A look at the lineup of teams in the intercontinental and European playoffs for the 2018 World Cup in Russia:
EUROPEAN PLAYOFFS (matches to be confirmed)
Four-time world champion Italy will be favored to qualify no matter which opponent it faces, yet the Azzurri aren’t in top form after four discouraging results — a 3-0 loss to Spain, slim 1-0 wins over Israel and Albania, and a 1-1 draw with Macedonia.
However, the expected returns from injury of center forward Andrea Belotti and veteran midfielder Daniele De Rossi could provide a boost. The playoff outcome will likely determine the future of Italy coach Gian Piero Ventura.
Milan’s San Siro or Palermo’s Renzo Barbera stadium are being considered to host the home leg of the playoff.
Croatia finds itself in familiar territory.
Led by playmaker Luka Modric and other high-profile players in Mario Mandzukic, Ivan Rakitic and Ivan Perisic, the Croatians faced the same hurdle before the 2014 tournament in Brazil, eliminating Iceland 2-0 on aggregate.
In this campaign, Croatia was on course to qualify automatically from the first place before two poor results — a 1-0 loss in Turkey and a 1-1 draw at home to Finland. Those results cost coach Ante Cacic his job.
Under new coach Zlatko Dalic, Croatia won a needed 2-0 victory at Ukraine to seal a playoff spot behind Iceland.
Switzerland was perfect in World Cup qualifying for more than one year: Nine games, nine wins. Now coach Vladimir Petkovic must lift his players after a 2-0 loss in Portugal on Tuesday sent them to the playoffs, where the best runner-up record counts for little except being seeded.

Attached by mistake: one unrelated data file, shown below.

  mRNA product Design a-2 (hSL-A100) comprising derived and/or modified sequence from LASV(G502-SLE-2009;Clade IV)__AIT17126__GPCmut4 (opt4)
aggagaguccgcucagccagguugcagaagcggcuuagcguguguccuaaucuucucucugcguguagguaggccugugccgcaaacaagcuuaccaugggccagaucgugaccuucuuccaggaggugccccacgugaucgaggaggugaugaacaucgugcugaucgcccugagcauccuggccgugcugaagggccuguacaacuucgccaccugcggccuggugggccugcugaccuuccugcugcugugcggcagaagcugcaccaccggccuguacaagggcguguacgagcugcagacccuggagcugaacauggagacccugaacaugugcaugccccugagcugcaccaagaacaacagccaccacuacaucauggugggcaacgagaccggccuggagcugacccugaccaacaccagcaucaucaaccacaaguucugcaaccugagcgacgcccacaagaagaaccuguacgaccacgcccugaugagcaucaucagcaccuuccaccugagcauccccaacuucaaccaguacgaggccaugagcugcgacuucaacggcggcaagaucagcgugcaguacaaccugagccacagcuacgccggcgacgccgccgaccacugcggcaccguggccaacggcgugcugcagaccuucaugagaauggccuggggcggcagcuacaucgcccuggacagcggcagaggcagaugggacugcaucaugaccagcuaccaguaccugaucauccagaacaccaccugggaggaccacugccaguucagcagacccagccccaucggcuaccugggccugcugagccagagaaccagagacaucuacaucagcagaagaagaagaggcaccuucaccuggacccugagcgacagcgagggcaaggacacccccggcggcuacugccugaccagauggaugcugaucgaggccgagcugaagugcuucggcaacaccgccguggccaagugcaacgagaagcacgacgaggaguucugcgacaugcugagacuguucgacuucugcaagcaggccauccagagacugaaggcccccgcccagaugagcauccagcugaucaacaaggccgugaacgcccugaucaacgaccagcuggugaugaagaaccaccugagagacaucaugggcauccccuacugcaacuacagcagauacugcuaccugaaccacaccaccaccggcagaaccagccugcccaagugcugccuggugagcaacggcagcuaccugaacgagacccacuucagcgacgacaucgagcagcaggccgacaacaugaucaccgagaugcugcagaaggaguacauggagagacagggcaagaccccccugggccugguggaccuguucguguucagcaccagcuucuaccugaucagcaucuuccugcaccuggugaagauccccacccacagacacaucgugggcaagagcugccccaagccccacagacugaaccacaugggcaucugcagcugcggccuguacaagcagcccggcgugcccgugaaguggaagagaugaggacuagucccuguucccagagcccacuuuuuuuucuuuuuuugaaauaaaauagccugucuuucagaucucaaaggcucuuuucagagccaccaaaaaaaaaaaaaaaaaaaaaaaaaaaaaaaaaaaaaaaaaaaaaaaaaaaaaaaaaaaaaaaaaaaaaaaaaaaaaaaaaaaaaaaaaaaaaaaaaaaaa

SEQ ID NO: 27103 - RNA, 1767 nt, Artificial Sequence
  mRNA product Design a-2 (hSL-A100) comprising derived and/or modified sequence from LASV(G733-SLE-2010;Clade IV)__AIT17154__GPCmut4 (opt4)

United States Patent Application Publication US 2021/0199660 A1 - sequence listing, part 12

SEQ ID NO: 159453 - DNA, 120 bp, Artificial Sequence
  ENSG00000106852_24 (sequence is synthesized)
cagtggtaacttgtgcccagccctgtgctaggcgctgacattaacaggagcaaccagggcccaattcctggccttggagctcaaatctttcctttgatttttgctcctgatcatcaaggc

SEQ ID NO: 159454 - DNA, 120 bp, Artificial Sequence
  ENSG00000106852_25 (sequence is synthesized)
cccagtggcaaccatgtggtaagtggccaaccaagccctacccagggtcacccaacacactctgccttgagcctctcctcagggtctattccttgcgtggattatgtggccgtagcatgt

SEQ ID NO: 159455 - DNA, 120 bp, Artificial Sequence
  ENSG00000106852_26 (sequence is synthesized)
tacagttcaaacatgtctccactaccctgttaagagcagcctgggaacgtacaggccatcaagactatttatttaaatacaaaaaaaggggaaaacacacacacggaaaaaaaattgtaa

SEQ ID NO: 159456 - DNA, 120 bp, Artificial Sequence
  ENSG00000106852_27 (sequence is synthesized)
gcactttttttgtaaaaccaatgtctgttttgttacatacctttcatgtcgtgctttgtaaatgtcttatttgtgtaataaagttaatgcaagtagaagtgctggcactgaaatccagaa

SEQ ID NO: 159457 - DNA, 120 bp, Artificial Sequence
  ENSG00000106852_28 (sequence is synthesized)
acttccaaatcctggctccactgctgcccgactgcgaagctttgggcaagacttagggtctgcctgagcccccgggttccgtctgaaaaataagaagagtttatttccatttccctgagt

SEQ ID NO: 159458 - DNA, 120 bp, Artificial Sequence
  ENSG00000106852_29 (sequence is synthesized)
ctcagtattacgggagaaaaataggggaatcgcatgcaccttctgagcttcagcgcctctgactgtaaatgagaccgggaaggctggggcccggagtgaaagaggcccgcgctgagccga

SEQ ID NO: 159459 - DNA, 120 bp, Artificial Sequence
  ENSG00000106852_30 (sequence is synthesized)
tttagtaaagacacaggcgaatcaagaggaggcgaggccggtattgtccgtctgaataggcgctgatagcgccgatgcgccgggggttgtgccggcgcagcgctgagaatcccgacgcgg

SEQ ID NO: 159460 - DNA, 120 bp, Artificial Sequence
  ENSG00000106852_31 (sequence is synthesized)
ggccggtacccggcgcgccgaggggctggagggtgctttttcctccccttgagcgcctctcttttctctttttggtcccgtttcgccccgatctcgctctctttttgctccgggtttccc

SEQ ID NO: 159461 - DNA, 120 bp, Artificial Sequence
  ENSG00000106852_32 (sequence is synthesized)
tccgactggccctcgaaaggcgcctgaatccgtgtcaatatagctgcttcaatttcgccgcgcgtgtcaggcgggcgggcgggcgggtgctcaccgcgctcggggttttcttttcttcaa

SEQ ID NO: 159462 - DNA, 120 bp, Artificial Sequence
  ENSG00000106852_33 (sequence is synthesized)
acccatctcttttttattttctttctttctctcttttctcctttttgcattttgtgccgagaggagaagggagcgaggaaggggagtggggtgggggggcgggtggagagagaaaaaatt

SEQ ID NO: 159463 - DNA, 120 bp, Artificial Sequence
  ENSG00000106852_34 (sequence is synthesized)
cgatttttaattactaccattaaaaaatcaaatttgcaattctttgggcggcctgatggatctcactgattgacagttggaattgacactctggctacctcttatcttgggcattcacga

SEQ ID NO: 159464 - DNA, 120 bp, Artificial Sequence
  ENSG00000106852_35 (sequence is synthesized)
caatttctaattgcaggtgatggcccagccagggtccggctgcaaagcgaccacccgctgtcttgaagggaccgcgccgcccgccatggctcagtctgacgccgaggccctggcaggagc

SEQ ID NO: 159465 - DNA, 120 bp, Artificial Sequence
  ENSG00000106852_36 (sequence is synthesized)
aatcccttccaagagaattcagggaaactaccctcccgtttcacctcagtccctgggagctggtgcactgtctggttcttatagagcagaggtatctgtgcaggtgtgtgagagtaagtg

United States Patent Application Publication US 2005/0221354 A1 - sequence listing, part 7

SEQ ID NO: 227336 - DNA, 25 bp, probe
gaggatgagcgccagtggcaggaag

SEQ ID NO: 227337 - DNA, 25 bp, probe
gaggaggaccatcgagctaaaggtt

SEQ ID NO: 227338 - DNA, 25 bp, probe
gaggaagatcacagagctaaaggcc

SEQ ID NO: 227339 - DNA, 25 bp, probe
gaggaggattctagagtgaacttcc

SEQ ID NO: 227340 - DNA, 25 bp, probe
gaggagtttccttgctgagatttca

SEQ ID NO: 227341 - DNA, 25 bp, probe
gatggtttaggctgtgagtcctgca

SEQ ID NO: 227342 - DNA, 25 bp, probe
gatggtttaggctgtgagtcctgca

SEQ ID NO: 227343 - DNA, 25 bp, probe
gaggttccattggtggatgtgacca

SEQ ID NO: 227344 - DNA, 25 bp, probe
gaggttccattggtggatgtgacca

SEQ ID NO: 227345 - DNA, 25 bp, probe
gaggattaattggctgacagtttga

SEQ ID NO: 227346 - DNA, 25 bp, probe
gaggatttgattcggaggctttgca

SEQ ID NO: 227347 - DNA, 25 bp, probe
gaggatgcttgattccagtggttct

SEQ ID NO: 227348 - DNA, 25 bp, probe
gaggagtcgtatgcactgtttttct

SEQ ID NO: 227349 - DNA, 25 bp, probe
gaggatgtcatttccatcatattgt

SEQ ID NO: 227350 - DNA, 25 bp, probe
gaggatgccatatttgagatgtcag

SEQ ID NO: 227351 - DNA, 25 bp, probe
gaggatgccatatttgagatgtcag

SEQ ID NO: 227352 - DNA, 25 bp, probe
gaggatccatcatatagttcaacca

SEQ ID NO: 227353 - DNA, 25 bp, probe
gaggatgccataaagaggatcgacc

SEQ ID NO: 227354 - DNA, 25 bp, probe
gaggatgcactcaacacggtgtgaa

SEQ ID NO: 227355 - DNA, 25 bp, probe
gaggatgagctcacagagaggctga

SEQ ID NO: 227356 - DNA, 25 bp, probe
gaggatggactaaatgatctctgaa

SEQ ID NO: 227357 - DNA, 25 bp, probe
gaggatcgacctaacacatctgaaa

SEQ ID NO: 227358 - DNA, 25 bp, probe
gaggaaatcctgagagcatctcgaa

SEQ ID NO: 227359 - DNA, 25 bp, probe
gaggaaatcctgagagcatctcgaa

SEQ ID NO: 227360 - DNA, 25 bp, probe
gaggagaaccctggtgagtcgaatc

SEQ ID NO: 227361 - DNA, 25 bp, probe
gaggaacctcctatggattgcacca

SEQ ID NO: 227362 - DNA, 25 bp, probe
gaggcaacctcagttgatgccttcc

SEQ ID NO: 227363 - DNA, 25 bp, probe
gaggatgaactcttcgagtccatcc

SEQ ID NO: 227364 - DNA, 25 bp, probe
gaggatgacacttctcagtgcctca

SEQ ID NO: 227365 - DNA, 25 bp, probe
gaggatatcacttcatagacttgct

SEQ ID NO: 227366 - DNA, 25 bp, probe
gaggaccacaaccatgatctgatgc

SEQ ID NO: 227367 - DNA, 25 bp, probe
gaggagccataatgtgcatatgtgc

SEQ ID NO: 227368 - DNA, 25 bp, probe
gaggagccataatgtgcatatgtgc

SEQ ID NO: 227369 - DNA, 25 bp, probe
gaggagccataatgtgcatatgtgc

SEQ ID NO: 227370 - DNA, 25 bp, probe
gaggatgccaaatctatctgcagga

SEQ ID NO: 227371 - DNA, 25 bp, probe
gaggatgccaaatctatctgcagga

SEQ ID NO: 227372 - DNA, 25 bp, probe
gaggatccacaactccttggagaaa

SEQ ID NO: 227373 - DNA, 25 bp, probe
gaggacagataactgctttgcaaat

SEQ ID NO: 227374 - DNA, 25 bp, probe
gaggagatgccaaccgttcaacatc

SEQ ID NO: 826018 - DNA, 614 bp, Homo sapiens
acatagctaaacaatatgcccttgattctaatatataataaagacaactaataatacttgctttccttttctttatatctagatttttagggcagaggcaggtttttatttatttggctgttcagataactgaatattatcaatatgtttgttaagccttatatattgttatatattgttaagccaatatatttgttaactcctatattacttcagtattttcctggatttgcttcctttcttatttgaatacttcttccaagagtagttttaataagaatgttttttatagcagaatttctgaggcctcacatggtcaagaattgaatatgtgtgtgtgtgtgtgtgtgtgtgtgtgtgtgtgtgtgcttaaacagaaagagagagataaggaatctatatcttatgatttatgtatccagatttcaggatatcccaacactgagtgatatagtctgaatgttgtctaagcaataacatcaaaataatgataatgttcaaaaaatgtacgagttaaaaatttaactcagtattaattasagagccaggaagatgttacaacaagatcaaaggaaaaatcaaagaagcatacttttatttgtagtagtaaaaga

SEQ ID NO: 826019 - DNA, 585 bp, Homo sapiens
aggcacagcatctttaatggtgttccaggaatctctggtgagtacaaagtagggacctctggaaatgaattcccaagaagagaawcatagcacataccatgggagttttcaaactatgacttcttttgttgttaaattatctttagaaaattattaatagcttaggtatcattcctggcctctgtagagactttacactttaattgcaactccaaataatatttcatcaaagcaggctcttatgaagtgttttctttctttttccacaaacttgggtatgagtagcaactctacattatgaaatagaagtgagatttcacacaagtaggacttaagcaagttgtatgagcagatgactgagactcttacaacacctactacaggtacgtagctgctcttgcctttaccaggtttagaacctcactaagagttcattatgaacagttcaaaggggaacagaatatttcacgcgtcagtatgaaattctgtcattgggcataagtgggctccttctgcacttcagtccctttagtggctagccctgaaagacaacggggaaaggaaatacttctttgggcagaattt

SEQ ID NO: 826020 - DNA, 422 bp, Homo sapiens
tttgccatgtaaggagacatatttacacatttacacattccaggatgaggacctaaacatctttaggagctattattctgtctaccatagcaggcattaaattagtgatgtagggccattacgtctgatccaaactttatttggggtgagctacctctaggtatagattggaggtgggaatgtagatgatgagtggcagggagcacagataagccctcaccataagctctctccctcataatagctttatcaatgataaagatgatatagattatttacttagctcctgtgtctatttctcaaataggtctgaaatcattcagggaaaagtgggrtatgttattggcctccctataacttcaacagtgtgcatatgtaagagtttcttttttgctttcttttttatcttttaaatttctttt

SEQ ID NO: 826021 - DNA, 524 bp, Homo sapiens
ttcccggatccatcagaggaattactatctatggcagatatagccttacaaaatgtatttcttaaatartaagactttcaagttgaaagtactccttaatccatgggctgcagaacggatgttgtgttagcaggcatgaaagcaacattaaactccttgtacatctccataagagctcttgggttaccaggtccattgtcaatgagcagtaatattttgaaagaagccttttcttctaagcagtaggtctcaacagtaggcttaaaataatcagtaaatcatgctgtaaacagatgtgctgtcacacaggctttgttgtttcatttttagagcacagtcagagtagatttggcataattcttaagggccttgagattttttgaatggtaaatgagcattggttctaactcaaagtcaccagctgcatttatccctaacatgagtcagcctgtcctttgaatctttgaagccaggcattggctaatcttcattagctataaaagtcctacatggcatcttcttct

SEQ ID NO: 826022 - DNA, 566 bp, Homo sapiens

The Swiss have a reputation for being an efficient team in group-stage games that falls just short against good opponents in elimination games. They lost to Argentina at the 2014 World Cup, and Poland at Euro 2016.
Their opponents next month are likely to be below that class, and Petkovic can expect that forward Breel Embolo — a substitute in Lisbon — will be fully fit after a one-year injury absence.
There’s a chance Denmark could face neighbor Sweden, which denied the Danes a spot in the 2016 European Championship by winning their playoff.
Christian Eriksen is the undoubted star of the Denmark team, the playmaker having been one of the best players in the English Premier League over the last two years and scoring eight times from midfield in qualifying.
Denmark was second to Poland in its group, only missing out on automatic qualification in the final round.
Reaching the playoffs came as a relief for Greece’s players and coach Michael Skibbe following an embarrassing qualification campaign for Euro 2016, when the team was twice beaten by the Faeroe Islands and finished last in the group.
An obdurate defense was again the key to earning a runner-up spot, nine points behind Belgium, with Skibbe struggling to find stability in midfield and a strike partner for Kostas Mitroglou.
The German coach may look forward to the development of 21-year-old Tassos Donis, who provided some badly needed pace in midfield, as well as the talents of the Portuguese-born Carlos Zeca.